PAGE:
This post is part of a series offering tips for finding culturally sensitive care for your identity or background. In the mental health field, we know that having the right therapist is essential for therapy to be helpful.
So how do you find the right therapist? One thing to look for is a therapist who you feel comfortable talking to–someone who “gets” you. This probably means they understand the things that are unique about you and your life experiences.
Most importantly, the right therapist tailors their therapy to better fit your identity, culture, and values. This is called culturally sensitive care.
Below is some general guidance on finding culturally sensitive care and specific information and resources for finding the right therapist if you’re Asian American or Pacific Islander (AAPI). These resources are more important than ever because hate speech and violence against AAPI communities, and especially the elderly, have increased since the start of the COVID-19 pandemic. Whether you’ve been directly subjected to discrimination and violence or have learned about widespread xenophobia on the news, these incidents can impact your mental health.
We’ll update this post as we get more information and find new resources, so bookmark this page!
Sometimes finding a therapist with your same background is hard just because there aren’t enough of them. Check out these stats:
- US Population that is AAPI: 6.1%
- Licensed psychologists who are AAPI: 4%
- Master’s level social workers who are AAPI: 3.3%
- Use of mental health services among AAPIs: 4.9% (lower than any other racial or ethnic group in the US)
Remember: even when a therapist has the same background as you, it’s not a guarantee that you’ll like working with them. Know your rights as a therapy client! Try out different therapists to see who you click with best and whose style you like.
Interview your therapist
One way to tell whether a therapist is culturally sensitive is to ask them a few questions before starting therapy. Think of this as a therapist “interview.” It’s normal to have some anxiety or worry about asking these questions.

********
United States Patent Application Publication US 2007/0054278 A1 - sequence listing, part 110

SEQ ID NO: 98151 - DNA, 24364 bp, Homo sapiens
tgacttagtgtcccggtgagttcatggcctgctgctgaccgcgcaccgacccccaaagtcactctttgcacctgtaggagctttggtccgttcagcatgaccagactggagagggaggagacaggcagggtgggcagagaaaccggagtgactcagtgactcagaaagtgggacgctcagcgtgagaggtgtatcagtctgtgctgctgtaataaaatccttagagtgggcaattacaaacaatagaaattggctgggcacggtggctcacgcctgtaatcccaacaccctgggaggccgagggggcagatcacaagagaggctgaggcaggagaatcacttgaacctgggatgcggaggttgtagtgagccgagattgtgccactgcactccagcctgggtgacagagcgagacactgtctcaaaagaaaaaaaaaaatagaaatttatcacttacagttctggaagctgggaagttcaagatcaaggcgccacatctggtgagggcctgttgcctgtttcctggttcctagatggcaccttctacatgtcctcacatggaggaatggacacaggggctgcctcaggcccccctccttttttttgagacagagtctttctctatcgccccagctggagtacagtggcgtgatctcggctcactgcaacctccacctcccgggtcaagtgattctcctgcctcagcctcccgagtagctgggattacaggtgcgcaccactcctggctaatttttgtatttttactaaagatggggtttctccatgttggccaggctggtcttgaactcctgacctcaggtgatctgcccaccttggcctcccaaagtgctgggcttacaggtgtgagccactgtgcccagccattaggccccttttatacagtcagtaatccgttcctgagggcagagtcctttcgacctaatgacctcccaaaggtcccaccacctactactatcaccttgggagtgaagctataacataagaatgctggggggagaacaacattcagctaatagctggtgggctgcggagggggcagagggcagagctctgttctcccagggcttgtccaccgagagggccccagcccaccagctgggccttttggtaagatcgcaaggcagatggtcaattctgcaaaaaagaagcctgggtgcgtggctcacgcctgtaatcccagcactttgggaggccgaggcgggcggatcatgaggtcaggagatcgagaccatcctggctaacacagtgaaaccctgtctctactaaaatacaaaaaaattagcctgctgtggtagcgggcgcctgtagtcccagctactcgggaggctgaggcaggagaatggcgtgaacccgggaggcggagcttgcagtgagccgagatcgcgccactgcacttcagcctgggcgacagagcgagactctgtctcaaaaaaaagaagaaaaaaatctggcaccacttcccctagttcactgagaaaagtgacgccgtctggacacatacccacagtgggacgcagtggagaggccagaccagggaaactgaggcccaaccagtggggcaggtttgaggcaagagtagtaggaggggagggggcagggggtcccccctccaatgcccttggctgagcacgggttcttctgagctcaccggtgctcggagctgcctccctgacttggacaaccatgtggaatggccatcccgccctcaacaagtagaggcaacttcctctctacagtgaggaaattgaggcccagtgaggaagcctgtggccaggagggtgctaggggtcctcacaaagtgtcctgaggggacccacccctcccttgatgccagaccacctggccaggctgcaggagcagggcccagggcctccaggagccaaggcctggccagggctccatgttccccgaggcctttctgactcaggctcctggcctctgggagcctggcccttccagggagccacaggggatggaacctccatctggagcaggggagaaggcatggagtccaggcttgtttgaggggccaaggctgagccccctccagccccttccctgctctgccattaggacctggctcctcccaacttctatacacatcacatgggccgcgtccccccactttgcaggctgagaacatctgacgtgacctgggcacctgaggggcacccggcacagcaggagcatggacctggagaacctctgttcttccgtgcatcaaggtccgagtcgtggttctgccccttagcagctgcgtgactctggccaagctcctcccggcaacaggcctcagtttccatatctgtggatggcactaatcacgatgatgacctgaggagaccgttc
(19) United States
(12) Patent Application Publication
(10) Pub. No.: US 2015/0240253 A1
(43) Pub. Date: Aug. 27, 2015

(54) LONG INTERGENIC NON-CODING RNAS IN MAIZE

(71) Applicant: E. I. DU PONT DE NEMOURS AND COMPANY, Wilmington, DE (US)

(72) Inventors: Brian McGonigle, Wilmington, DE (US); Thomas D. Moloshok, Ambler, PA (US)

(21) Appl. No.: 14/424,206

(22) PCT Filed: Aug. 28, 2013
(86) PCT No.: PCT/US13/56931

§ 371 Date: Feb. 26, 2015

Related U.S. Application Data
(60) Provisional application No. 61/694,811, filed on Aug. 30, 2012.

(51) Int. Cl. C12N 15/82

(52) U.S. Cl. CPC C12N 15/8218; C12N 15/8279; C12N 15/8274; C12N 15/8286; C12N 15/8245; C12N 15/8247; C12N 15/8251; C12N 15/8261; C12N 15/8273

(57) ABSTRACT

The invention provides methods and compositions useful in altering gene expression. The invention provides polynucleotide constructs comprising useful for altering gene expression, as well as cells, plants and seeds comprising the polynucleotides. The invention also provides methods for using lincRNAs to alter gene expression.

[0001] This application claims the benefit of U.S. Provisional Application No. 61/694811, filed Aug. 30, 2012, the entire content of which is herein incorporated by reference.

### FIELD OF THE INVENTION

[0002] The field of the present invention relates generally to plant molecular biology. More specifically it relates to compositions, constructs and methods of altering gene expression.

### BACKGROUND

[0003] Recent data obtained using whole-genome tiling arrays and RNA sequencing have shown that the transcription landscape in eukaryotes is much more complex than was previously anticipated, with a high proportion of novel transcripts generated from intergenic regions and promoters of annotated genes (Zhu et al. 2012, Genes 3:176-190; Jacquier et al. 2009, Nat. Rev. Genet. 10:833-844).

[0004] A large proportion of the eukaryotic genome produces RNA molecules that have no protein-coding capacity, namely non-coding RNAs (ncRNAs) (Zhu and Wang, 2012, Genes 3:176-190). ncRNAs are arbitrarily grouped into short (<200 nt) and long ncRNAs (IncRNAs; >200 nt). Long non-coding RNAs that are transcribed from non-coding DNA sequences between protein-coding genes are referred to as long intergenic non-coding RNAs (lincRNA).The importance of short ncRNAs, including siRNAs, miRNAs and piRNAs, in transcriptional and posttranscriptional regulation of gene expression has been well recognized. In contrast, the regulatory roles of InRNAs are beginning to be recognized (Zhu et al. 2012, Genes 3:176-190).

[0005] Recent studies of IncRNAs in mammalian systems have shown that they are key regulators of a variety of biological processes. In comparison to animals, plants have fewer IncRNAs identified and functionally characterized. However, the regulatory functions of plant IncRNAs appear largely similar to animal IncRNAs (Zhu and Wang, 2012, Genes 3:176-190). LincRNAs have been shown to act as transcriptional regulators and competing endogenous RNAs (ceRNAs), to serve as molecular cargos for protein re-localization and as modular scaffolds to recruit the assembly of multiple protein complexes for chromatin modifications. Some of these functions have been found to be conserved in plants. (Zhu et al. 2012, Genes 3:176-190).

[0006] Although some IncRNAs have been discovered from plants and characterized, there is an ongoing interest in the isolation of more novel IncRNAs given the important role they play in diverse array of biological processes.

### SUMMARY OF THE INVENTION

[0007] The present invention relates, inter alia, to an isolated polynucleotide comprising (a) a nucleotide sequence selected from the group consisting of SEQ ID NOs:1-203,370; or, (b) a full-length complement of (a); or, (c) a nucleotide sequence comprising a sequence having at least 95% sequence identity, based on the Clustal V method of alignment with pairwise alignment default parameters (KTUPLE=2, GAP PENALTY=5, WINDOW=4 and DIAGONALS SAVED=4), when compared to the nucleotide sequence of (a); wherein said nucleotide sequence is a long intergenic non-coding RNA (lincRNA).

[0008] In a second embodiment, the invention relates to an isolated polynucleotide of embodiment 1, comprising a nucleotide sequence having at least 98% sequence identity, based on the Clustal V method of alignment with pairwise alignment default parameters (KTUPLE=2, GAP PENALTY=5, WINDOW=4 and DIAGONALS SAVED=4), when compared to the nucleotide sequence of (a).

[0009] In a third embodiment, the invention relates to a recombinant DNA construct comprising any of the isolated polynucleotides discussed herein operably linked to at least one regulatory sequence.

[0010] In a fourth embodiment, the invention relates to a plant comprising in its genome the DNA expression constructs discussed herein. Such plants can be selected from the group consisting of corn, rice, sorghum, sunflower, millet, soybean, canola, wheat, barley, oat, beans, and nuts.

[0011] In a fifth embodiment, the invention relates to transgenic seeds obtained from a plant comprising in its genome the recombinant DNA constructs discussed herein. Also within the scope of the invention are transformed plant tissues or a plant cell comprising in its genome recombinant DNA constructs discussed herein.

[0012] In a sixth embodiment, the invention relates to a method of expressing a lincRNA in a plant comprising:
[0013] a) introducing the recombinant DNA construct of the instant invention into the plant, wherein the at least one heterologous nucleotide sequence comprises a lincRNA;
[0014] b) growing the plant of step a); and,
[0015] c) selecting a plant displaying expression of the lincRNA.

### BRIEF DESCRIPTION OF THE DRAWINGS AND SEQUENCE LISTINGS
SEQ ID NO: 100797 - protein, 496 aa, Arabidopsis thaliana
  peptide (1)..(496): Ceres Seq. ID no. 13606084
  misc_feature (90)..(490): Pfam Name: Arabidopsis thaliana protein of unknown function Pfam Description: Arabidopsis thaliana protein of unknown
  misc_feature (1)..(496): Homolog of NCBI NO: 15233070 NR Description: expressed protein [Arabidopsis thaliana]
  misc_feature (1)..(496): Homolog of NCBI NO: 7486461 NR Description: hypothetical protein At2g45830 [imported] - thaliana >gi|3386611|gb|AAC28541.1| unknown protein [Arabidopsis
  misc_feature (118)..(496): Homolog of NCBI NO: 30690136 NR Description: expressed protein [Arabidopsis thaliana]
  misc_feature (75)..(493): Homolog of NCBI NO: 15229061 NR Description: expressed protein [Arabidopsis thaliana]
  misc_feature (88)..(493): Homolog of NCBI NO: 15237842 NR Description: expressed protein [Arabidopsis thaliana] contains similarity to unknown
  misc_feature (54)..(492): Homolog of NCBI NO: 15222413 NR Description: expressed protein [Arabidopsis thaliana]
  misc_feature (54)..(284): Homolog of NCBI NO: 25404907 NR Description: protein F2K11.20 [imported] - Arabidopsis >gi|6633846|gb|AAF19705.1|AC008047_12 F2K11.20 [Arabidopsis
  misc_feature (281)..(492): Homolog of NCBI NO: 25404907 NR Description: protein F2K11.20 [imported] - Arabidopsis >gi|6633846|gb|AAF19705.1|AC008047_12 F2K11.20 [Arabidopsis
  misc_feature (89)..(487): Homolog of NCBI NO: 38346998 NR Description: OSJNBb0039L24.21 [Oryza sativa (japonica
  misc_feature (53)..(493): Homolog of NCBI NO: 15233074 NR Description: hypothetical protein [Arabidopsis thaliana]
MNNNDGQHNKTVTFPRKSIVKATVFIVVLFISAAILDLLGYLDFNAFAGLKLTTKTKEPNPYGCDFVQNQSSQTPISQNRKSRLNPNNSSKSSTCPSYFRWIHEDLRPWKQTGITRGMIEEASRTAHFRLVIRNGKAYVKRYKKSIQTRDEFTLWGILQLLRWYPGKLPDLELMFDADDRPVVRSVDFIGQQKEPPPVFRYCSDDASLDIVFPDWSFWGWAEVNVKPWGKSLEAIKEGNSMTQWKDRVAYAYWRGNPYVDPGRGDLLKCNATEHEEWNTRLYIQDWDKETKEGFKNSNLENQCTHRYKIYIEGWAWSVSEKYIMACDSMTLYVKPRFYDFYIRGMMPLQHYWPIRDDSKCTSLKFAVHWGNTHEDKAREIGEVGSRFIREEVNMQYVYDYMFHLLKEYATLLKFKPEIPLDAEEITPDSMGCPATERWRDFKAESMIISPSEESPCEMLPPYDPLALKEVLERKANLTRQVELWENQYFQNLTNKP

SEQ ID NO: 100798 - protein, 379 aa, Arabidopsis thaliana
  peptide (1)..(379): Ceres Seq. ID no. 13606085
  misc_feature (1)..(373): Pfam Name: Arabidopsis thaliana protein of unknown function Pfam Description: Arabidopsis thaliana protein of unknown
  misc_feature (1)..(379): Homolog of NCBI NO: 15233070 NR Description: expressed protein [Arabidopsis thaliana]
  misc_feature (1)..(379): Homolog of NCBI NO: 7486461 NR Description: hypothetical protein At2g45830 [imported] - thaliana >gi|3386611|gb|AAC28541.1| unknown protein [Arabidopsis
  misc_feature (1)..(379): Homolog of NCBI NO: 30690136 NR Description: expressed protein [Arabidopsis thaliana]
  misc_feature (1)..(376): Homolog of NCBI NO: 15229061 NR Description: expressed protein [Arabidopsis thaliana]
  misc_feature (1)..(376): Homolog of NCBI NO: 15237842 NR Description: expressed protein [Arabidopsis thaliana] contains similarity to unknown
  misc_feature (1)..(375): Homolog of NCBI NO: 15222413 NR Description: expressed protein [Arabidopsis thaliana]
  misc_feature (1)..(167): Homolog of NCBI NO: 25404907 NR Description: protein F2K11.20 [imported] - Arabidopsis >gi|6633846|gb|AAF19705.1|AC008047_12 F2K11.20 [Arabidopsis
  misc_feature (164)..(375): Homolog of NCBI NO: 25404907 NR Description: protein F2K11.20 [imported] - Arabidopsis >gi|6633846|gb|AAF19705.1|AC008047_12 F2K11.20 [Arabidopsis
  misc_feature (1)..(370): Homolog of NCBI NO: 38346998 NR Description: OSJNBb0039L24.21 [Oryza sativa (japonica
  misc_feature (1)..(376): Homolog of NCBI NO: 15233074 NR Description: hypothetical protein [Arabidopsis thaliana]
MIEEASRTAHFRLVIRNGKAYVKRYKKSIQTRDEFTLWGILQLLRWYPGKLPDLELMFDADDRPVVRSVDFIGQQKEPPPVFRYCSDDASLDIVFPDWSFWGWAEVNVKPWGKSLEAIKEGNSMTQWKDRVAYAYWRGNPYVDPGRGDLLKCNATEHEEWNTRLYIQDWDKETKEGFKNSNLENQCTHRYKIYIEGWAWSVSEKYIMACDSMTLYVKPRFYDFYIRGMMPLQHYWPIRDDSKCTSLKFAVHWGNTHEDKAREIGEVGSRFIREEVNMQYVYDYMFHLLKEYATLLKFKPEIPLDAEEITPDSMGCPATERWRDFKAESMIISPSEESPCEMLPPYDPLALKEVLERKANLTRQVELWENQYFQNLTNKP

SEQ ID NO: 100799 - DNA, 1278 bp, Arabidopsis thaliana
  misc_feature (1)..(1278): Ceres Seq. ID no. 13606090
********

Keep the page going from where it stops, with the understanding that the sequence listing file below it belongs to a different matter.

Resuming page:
You can ask these questions over the phone, by email, or in person.
We recommend trying to interview a potential therapist over the phone so you can hear their voice. If they charge for the first visit, this could also save you money if it turns out they weren’t a good match.
Some sample questions you could ask your therapist include:
- “How would you describe your experience treating clients who share my AAPI identity?”
- “Describe your knowledge of safety risks related to my identity as an AAPI person.”
- “What is your practice’s position on the mental health impact of navigating oppression, racism, and racial violence?”
- “What is your practice’s position on the mental health impact of navigating multiple systems of oppression?”
(Thanks to our friends at Human Rights Campaign and Mental Health America for developing these questions!)
Can I get therapy in another language?
If you’re looking for therapy in a language other than English, things get a little trickier. You’ll have to make sure that you find a therapist that you can communicate with. Most therapists in the US only speak English.
Some mental health clinics and therapists use a professional interpreter when they don’t speak their client’s language. The interpreter will likely be over the phone, translating what you and your therapist say to each other. It’s up to you if you are comfortable with having an interpreter in the room with you and your therapist.
Where to find the right therapist
Here’s a list of places where you can find a therapist who is Asian American or Pacific Islander, or at least respects and values that part of your identity.
- Asian Mental Health Collective
- Ayana Therapy
- Bengali Mental Health Movement
- DRK Beauty Healing
- Open Path Collective
- Inclusive Therapists
- Mann Mukti
- National Asian American Pacific Islander Mental Health Association
- National Queer & Trans Therapists of Color Network
- Psychology Today–Find an Asian Therapist
- South Asian Mental Health Initiative & Network
- Asian Human Services (Chicago)
- Korean Women In Need (Chicago)
- Midwest Asian Health Association (Chicago)
- Asian Pacific Development Center (Denver Metro Area)
- Apicha Community Health Center Behavioral Health Services (New York City)
- Asian American Federation (New York City)
- Korean American Family Service Center (New York City)
- Korean Community Services of Metropolitan New York (New York City)
- Sakhi for South Asian Women (New York City)
You can also search our directory for affordable mental health services that specifically serve AAPI communities.